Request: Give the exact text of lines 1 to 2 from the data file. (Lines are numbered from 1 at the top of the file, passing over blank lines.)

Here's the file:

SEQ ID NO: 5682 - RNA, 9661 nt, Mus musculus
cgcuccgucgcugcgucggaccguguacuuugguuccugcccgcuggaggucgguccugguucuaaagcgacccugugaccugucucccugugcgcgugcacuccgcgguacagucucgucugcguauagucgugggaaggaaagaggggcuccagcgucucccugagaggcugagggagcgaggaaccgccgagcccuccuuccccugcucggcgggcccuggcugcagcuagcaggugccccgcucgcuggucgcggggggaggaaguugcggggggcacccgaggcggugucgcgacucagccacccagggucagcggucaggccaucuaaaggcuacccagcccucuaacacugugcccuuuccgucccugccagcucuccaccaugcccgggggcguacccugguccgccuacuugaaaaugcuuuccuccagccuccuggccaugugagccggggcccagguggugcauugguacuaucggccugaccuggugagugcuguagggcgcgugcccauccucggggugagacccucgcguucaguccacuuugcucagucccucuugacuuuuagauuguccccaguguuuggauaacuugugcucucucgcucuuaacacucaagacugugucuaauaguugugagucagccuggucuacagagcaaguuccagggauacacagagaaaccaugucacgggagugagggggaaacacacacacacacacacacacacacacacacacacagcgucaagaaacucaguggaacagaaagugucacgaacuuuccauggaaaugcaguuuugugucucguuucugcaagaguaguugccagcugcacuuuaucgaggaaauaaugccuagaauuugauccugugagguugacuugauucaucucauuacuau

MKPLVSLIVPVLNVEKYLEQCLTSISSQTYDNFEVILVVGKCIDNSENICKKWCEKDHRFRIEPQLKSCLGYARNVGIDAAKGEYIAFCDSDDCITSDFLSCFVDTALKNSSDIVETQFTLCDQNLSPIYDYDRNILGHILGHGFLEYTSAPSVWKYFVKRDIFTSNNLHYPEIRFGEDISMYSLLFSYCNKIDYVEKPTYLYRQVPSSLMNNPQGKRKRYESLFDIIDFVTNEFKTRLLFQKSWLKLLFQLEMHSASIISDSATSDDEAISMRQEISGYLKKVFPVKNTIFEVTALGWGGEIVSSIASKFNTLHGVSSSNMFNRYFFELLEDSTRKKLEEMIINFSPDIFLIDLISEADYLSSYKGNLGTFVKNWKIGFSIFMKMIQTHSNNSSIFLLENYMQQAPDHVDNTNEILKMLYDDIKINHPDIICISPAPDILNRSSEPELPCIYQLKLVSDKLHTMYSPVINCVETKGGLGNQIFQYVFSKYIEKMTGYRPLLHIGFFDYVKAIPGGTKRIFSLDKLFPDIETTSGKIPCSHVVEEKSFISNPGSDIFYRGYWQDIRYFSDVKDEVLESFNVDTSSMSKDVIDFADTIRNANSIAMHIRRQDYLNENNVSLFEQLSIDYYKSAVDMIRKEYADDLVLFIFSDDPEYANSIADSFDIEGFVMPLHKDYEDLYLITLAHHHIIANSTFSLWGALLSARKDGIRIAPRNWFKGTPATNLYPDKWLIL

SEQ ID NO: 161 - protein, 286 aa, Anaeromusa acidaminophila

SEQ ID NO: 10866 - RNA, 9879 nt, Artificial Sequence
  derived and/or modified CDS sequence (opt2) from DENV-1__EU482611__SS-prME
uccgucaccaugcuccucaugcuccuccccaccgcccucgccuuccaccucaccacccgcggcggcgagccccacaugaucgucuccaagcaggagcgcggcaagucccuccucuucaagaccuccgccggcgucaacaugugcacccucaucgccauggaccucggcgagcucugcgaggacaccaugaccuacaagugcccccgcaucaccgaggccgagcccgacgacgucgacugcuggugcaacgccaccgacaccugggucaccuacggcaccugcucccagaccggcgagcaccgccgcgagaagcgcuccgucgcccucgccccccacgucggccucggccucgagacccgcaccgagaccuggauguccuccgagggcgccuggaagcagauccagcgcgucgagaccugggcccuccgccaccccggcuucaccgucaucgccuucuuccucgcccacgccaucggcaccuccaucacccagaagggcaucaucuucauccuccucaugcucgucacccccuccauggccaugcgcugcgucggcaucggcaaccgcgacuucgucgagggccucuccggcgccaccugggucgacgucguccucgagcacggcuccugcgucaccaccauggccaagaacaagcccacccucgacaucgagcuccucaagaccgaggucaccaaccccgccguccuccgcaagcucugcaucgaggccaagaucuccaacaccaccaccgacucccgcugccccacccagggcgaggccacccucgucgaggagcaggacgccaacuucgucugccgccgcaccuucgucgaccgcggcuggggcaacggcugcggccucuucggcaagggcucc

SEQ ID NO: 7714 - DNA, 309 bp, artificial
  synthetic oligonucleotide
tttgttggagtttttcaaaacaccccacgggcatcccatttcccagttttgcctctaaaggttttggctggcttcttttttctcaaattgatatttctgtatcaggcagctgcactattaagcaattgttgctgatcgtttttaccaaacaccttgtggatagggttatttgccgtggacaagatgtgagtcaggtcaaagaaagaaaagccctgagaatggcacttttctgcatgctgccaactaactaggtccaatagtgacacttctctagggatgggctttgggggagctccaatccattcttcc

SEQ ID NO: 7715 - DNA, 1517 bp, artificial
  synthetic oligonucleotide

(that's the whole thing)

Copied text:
SEQ ID NO: 5682 - RNA, 9661 nt, Mus musculus
cgcuccgucgcugcgucggaccguguacuuugguuccugcccgcuggaggucgguccugguucuaaagcgacccugugaccugucucccugugcgcgugcacuccgcgguacagucucgucugcguauagucgugggaaggaaagaggggcuccagcgucucccugagaggcugagggagcgaggaaccgccgagcccuccuuccccugcucggcgggcccuggcugcagcuagcaggugccccgcucgcuggucgcggggggaggaaguugcggggggcacccgaggcggugucgcgacucagccacccagggucagcggucaggccaucuaaaggcuacccagcccucuaacacugugcccuuuccgucccugccagcucuccaccaugcccgggggcguacccugguccgccuacuugaaaaugcuuuccuccagccuccuggccaugugagccggggcccagguggugcauugguacuaucggccugaccuggugagugcuguagggcgcgugcccauccucggggugagacccucgcguucaguccacuuugcucagucccucuugacuuuuagauuguccccaguguuuggauaacuugugcucucucgcucuuaacacucaagacugugucuaauaguugugagucagccuggucuacagagcaaguuccagggauacacagagaaaccaugucacgggagugagggggaaacacacacacacacacacacacacacacacacacacagcgucaagaaacucaguggaacagaaagugucacgaacuuuccauggaaaugcaguuuugugucucguuucugcaagaguaguugccagcugcacuuuaucgaggaaauaaugccuagaauuugauccugugagguugacuugauucaucucauuacuau